Known for impeccable fishing statewide, Florida is an angler’s haven—but with so many beautiful places to explore, from the Key Largo flats to the bustling shores of Miami, how do you know where to start?
Here’s our pick: visit the hidden gem of Florida’s Ten Thousand Islands! Located off the state’s southwest coast, this marine maze features islands big and small, scattered together in carefree fashion in a way that begs you to explore – so long as you have a map handy, that is!
Read on as we delve deeper into this charming Gulf Coast gem—as well as some of the best fishing opportunities that abound there.
Lay of the land
So, what are the Ten Thousand Islands all about?
The colorful cluster of islands sits off the southwest coast of Florida—and unlike many of the state’s famous lakes and ocean piers, which are delightfully accessible at a stone’s throw from wherever you may be standing, the Ten Thousand Islands are a little more remote. That’s what makes them so special, of course!
You can start from a familiar spot, such as the resort destination of Marco Island, before working your way down. Some of the islands are larger and have names (like Mormon Key or charming Chokoloskee), but many of the others are more aptly described as clusters of mangroves or small vegetation, barely big enough for their own load. Each island, big or small, of course, has an allure that’s all its own.
Paddling is popular here—it may be one of the better ways to explore the minute, meandering stretches of island coastline that turn into mazes—but it’s not the only way to go. To explore both inshore and offshore destinations (you’ll want to do both!), travel via your Robalo and simply pack a canoe or kayak to get even closer.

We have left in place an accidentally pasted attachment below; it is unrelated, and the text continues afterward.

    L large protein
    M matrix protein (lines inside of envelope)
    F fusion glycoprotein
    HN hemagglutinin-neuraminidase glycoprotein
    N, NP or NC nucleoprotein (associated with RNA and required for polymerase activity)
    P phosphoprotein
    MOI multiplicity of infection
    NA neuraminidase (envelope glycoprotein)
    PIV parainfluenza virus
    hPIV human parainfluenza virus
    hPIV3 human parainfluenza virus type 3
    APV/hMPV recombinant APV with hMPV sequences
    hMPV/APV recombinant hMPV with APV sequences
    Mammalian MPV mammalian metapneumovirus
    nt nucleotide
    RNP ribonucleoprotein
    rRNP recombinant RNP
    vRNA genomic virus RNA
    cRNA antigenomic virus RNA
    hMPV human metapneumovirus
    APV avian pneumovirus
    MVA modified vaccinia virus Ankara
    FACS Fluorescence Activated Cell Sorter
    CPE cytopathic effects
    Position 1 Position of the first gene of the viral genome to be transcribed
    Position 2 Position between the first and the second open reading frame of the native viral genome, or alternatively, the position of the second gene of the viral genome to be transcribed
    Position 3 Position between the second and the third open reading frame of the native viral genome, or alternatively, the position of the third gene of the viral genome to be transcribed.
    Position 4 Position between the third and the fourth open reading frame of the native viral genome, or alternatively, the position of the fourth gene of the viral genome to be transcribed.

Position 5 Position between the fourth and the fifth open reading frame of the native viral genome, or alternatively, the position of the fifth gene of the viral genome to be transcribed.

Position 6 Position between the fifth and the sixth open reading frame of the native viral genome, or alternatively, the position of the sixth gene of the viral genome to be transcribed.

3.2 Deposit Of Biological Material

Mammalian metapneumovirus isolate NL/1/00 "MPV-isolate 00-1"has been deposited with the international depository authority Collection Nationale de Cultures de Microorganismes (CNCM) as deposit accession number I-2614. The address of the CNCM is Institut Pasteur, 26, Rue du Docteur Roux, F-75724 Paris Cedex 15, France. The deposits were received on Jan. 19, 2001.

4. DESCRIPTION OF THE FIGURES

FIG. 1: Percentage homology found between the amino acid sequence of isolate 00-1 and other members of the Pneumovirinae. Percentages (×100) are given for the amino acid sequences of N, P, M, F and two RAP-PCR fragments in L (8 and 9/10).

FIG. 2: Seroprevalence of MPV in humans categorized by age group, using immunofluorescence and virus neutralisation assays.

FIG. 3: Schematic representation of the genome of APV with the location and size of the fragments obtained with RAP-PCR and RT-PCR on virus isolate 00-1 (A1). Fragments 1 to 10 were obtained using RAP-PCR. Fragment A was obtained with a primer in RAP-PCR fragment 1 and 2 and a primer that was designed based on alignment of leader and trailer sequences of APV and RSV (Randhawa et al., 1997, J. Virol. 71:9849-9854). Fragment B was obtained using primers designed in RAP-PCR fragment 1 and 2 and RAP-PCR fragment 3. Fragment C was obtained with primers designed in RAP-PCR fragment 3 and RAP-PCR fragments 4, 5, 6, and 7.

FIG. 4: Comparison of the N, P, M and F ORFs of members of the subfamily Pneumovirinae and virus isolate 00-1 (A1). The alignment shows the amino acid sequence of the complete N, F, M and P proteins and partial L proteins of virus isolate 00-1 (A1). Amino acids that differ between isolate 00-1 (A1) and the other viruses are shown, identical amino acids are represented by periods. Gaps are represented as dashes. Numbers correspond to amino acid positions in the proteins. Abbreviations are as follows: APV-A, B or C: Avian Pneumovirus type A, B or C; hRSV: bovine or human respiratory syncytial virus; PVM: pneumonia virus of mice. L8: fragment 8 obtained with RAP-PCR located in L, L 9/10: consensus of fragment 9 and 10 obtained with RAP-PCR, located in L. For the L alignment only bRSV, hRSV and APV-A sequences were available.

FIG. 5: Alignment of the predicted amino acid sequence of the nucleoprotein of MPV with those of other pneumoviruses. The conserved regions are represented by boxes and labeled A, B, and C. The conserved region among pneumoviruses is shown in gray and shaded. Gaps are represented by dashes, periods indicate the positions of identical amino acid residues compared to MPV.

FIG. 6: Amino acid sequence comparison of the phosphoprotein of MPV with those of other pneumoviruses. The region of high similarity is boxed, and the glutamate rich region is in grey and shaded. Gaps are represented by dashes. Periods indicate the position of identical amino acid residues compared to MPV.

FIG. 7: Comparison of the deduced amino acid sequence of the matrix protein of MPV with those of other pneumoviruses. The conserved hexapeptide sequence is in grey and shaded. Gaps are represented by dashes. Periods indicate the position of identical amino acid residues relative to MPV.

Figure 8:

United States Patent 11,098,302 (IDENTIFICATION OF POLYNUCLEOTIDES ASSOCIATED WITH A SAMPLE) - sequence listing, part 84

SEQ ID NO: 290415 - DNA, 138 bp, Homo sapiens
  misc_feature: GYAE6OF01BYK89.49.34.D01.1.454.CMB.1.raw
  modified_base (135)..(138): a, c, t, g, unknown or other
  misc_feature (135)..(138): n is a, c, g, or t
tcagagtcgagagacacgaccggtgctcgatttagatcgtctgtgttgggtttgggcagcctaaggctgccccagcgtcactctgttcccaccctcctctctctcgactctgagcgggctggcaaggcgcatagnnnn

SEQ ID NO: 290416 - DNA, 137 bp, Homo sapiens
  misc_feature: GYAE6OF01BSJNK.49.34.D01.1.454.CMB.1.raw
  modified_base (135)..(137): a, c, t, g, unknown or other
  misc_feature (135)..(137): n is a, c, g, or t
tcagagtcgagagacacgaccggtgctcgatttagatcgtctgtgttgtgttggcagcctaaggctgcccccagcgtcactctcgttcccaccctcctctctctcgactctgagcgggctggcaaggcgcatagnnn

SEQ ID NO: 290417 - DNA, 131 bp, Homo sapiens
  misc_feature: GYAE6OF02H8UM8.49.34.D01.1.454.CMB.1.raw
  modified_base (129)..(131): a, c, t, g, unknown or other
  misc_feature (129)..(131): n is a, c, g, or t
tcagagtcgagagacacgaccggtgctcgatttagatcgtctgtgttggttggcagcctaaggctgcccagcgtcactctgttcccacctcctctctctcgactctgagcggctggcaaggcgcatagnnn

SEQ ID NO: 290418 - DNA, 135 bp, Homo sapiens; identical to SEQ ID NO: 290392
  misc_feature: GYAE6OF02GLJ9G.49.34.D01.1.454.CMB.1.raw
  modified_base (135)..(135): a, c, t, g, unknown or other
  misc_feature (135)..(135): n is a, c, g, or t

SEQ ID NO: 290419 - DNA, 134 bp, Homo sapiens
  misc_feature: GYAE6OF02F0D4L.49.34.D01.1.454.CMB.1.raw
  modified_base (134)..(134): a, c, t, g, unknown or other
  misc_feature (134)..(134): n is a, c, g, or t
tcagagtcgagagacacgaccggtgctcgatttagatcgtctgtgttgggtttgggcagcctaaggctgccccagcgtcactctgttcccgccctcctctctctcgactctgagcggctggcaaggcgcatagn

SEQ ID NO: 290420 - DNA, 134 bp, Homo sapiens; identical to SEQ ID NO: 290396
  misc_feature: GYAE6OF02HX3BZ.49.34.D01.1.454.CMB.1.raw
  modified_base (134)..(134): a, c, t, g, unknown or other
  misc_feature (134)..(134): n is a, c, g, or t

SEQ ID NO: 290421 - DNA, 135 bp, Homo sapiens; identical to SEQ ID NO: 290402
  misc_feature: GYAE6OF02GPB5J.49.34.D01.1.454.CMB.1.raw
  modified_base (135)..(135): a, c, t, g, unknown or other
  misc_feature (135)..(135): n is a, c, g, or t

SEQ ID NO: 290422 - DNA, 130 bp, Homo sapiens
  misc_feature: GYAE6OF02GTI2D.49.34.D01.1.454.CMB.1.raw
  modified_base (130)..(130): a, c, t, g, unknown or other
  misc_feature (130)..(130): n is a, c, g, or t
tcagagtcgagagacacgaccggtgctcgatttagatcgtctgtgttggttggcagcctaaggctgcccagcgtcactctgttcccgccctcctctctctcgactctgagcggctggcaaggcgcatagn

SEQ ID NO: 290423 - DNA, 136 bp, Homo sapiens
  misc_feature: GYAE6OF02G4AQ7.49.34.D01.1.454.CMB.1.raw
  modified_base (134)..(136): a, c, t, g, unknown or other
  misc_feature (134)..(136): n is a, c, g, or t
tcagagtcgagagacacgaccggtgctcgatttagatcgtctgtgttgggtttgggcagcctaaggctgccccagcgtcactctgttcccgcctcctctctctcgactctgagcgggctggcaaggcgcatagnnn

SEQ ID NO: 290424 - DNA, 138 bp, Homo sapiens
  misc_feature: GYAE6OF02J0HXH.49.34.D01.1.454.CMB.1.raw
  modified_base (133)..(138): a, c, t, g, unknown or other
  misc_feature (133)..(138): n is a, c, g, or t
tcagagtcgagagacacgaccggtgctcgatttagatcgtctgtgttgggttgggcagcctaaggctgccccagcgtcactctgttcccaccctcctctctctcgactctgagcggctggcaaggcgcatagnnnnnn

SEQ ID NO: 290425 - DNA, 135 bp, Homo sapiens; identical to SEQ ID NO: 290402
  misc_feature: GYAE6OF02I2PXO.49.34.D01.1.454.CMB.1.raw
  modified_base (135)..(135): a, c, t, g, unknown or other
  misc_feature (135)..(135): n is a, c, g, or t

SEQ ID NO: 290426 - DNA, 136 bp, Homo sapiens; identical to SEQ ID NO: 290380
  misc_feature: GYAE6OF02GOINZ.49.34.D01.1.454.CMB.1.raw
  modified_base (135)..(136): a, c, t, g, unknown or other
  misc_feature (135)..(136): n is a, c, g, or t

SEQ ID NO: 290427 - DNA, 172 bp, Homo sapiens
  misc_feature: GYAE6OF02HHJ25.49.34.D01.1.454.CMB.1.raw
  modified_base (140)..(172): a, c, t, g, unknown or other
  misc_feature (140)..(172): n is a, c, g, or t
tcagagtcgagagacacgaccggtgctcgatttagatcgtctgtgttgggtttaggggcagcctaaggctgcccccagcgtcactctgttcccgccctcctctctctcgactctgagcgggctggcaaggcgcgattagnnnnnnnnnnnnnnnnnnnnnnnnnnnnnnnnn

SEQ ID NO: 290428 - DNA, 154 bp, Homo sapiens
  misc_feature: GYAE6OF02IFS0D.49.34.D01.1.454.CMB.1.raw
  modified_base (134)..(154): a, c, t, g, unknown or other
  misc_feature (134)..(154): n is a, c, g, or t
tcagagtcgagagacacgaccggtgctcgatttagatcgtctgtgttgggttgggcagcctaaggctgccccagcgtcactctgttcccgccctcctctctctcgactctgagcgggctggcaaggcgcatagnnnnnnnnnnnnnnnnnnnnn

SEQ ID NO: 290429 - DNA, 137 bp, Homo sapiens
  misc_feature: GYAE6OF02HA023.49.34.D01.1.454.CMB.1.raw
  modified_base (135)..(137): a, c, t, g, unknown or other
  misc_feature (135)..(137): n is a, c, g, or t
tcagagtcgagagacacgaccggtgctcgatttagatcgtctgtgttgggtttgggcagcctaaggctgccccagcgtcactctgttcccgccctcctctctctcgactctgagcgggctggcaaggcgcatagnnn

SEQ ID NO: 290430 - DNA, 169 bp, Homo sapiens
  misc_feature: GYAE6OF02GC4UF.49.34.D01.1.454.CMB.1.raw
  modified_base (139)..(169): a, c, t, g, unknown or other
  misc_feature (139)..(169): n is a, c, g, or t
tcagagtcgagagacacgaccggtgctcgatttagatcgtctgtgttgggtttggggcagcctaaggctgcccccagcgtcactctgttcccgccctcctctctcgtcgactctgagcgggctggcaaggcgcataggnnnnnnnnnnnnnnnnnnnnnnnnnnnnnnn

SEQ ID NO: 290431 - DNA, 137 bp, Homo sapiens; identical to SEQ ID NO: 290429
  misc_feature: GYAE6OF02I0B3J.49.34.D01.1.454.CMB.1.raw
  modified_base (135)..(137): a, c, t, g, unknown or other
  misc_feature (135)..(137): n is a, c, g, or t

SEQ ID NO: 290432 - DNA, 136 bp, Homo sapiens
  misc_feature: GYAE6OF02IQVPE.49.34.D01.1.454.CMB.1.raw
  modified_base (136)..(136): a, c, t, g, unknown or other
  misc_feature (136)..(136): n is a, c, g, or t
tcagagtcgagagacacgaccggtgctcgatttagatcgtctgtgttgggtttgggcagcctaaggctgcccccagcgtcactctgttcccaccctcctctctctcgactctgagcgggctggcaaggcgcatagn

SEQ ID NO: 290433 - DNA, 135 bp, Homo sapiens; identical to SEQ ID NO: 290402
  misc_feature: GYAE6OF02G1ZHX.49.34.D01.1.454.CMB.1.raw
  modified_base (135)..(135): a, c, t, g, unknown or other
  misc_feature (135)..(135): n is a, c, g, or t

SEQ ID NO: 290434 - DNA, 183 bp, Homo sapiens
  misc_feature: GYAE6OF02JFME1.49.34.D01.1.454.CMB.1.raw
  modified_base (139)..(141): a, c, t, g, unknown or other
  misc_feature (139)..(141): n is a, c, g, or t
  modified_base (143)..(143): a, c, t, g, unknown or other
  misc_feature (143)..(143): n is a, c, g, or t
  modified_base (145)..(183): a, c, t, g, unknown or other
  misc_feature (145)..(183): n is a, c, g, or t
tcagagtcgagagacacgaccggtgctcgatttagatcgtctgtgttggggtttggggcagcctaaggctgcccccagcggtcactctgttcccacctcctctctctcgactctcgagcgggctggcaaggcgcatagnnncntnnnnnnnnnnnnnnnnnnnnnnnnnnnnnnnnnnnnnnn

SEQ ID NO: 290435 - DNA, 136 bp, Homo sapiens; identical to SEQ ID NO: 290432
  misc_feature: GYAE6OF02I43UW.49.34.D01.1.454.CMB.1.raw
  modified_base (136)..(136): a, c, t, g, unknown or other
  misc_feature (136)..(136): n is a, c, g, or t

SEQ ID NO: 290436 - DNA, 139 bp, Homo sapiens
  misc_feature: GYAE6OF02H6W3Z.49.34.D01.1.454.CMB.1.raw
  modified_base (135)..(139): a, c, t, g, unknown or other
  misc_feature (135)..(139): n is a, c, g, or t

Catch of the day
If you’ve come for fishing—which we’re betting most Ten Thousand Islands trekkers do—there’s a wide array to try for. There’s snook, especially off Chokoloskee, as well as tarpon, redfish, tripletail and more.
Of course, the allure of Ten Thousand Islands doesn’t stop at its fish—a wealth of ocean oddities abound in the area, creating an experience that’s uniquely “Florida” in nature.
One such oddity? The futuristic-looking Cape Romano Dome House. Due to a lack of habitation and characteristic summer storms over the years since its construction in 1980, it no longer sits on the island of Cape Romano but in the water. Though bizarre and uninhabitable so far from land, the house can still be seen today!
Find your footing
When you’re in town, find your footing by visiting a local shop that knows all there is to know about Southwest Florida boating—Fish Tale Boats. Located in Fort Myers, this destination is worth visiting to get plugged in with Robalo news and the latest models, or simply to learn about local fishing opportunities.
Florida’s Ten Thousand Islands paint a picture you need to see to believe—so hop onto your Robalo, pack your tackle and visit real soon!